Peck, 37, served as a sergeant 1st class with the 116th Brigade Combat Team, providing voice and data networking for units in combat. Even though he was not on the front line, everyone knew that when Peck got the order to serve in July 2004, there was a distinct possibility he would miss more than just a basketball season.
For his players, reality hit hard: It was the first time many of them were forced to reconcile themselves with the notion that people die in wars, and someone close to them would be fighting in this one.
"That was probably the scariest thing about him leaving. He might not come back," junior Will Smith said. "After games, we'd be sitting around the locker room and someone would start to bring it up, but then they wouldn't. It would just make things worse."
They took the same tack Peck used when he got the call to serve. Even though there were five months between July and when he shipped out, he cut ties with all of his players. It tore at his heart to be away from them, and reminders only made it worse.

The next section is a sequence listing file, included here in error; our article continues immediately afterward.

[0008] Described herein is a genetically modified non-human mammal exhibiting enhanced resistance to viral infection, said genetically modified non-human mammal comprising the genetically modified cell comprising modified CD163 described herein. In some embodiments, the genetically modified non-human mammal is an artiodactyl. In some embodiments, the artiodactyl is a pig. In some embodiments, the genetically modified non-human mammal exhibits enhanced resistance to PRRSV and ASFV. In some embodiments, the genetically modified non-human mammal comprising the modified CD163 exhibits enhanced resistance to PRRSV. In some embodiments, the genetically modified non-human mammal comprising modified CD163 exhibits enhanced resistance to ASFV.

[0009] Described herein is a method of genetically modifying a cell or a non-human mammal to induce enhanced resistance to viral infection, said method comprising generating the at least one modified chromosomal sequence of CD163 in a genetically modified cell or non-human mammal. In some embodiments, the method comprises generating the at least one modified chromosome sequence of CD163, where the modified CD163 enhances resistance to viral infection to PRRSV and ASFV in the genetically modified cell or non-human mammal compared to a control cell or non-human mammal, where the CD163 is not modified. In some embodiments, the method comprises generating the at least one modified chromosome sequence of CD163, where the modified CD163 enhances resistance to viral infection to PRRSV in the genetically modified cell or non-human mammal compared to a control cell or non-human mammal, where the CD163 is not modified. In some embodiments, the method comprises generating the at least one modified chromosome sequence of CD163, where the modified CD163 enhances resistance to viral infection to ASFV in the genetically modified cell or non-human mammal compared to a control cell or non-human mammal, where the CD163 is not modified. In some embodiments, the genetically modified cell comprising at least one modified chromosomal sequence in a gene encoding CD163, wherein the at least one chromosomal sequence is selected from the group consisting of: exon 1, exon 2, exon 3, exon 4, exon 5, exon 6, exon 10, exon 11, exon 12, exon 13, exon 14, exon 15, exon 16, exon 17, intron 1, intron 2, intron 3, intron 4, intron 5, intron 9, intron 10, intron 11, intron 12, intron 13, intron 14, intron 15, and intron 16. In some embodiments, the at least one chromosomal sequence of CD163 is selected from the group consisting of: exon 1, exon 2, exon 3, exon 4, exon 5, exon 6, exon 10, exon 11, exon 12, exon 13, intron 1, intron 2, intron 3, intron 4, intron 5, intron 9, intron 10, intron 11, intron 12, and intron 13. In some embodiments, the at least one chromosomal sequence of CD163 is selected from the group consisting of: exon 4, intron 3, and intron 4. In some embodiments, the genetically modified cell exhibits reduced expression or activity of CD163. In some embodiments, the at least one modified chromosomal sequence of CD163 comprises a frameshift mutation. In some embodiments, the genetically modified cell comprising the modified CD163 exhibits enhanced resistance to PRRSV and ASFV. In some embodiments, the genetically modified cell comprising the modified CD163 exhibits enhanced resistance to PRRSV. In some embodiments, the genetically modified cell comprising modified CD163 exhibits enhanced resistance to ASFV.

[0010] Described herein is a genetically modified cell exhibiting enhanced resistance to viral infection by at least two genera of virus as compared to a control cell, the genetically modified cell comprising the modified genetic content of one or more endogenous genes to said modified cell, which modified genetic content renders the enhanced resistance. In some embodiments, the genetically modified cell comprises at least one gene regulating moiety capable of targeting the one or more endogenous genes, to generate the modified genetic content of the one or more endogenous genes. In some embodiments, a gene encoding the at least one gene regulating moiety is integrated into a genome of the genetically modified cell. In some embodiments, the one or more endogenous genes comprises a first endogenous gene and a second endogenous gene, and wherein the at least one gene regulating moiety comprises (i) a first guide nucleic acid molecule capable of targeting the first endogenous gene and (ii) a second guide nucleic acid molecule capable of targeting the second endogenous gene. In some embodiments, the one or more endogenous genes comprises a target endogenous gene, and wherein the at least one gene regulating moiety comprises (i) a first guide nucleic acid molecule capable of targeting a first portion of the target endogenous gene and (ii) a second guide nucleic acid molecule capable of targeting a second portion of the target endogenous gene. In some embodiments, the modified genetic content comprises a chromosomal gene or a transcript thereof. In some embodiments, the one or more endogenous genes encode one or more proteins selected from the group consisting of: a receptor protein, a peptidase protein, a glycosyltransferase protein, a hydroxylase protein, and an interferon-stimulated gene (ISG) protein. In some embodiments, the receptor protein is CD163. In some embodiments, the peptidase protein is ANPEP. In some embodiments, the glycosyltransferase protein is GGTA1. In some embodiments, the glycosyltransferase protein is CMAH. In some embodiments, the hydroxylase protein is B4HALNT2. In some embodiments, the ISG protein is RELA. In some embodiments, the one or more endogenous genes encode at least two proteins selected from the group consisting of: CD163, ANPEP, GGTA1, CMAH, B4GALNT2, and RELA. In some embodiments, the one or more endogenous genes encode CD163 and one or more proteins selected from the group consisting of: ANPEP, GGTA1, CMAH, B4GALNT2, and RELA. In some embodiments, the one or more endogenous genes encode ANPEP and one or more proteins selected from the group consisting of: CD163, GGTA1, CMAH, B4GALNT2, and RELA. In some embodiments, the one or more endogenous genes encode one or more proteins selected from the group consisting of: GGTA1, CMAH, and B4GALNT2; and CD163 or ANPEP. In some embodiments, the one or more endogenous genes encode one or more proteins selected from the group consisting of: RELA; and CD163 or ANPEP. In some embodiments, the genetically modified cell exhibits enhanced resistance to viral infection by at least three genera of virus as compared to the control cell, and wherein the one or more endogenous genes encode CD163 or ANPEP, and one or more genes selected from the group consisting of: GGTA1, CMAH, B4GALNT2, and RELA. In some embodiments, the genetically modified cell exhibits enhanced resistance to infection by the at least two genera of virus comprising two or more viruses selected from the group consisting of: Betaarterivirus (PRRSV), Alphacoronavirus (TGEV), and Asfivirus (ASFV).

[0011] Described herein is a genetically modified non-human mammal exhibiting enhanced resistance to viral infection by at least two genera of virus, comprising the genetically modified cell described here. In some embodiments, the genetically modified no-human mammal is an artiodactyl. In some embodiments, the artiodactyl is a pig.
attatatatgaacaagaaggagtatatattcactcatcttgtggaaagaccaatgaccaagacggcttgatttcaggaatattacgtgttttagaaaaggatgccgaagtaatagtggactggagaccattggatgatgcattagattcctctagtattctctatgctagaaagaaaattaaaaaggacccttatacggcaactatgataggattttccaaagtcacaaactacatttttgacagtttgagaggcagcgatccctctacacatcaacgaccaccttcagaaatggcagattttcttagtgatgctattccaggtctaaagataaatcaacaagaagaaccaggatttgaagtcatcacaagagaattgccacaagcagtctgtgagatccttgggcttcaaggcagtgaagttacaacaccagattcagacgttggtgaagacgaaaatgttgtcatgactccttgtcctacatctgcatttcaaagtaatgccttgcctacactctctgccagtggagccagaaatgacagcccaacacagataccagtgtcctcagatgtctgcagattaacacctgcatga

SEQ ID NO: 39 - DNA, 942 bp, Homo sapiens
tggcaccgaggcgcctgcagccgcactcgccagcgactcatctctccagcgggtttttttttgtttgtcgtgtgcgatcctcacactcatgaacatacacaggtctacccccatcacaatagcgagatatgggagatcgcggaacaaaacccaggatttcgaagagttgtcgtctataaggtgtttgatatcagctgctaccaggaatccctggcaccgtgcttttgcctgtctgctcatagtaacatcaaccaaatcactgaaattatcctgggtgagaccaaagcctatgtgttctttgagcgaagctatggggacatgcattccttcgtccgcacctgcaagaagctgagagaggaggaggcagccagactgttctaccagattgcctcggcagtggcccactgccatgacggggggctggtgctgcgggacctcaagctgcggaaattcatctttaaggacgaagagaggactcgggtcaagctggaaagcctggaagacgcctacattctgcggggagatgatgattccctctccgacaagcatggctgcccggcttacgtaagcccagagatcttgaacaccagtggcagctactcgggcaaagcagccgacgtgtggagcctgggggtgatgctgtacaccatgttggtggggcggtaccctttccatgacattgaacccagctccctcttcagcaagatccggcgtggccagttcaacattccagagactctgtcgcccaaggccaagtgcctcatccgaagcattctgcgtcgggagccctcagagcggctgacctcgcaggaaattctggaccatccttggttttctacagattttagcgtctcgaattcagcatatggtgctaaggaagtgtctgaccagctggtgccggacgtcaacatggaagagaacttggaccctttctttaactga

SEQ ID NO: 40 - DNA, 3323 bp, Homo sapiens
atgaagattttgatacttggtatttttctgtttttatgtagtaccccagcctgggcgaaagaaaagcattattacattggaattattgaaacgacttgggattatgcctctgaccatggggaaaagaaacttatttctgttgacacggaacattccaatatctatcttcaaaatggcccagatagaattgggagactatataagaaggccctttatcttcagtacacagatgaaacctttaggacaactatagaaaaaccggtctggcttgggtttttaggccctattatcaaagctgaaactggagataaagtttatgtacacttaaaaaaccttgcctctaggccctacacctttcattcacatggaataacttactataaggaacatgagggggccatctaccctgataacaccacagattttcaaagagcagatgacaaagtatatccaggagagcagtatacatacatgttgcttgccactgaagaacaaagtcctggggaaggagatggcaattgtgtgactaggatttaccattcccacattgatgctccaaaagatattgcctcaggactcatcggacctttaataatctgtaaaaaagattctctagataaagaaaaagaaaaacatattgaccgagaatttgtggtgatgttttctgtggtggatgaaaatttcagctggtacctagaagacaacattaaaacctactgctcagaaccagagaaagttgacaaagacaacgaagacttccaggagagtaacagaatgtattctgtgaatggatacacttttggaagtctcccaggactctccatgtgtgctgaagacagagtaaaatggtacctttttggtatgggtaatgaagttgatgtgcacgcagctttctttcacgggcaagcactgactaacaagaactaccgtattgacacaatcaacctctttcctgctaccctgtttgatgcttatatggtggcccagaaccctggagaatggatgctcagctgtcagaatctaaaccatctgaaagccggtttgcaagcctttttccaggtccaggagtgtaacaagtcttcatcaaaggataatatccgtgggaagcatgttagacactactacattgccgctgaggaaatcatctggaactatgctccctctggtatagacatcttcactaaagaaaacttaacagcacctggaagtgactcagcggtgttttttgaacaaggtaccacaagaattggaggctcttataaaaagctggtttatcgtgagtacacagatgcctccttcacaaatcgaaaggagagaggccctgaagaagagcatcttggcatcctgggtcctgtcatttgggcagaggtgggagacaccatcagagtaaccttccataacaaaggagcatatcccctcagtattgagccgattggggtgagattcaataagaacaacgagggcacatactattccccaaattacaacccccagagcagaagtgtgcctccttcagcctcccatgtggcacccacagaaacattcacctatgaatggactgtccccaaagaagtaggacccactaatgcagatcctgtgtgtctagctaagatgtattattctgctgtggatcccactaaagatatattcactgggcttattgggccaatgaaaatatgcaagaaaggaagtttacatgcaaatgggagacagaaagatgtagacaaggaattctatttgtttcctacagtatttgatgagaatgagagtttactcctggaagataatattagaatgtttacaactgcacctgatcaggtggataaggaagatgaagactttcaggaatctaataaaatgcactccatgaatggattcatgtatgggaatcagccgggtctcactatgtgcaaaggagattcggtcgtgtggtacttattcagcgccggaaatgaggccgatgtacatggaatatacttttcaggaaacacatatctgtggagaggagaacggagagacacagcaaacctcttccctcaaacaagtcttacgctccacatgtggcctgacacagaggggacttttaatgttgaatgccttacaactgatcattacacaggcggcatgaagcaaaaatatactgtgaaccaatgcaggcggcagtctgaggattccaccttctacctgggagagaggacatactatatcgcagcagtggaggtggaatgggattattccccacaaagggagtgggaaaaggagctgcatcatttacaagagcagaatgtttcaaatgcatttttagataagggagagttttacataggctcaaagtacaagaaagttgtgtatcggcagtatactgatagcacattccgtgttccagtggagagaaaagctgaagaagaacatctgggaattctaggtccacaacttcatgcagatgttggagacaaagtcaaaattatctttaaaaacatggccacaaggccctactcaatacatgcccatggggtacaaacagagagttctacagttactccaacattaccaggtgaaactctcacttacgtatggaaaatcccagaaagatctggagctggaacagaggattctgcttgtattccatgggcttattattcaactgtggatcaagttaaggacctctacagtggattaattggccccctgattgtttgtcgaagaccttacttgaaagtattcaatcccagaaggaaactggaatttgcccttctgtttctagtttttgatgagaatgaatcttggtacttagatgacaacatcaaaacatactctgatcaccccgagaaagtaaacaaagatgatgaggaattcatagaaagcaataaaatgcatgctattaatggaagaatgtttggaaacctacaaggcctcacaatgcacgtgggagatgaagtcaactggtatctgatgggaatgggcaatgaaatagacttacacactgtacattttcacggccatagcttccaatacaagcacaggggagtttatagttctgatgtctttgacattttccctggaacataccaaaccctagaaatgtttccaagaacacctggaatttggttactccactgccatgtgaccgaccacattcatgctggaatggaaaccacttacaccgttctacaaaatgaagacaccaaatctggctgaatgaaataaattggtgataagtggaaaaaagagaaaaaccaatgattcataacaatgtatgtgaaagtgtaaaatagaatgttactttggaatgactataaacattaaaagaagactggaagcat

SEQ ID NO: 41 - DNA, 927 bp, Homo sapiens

After he arrived in Iraq, though, Peck's players started to e-mail their coach, and he had no choice but to respond.
"I didn't want to talk about basketball," junior Cody Kohn said. "I just wanted to see how he was doing. I was curious about what it was like, what war is. I've just seen movies and heard stories. There's just no other way to describe it, but scary. People are actually trying to kill you."
Senior Matt Leddy knew he had to reach out to his coach, but what would he write?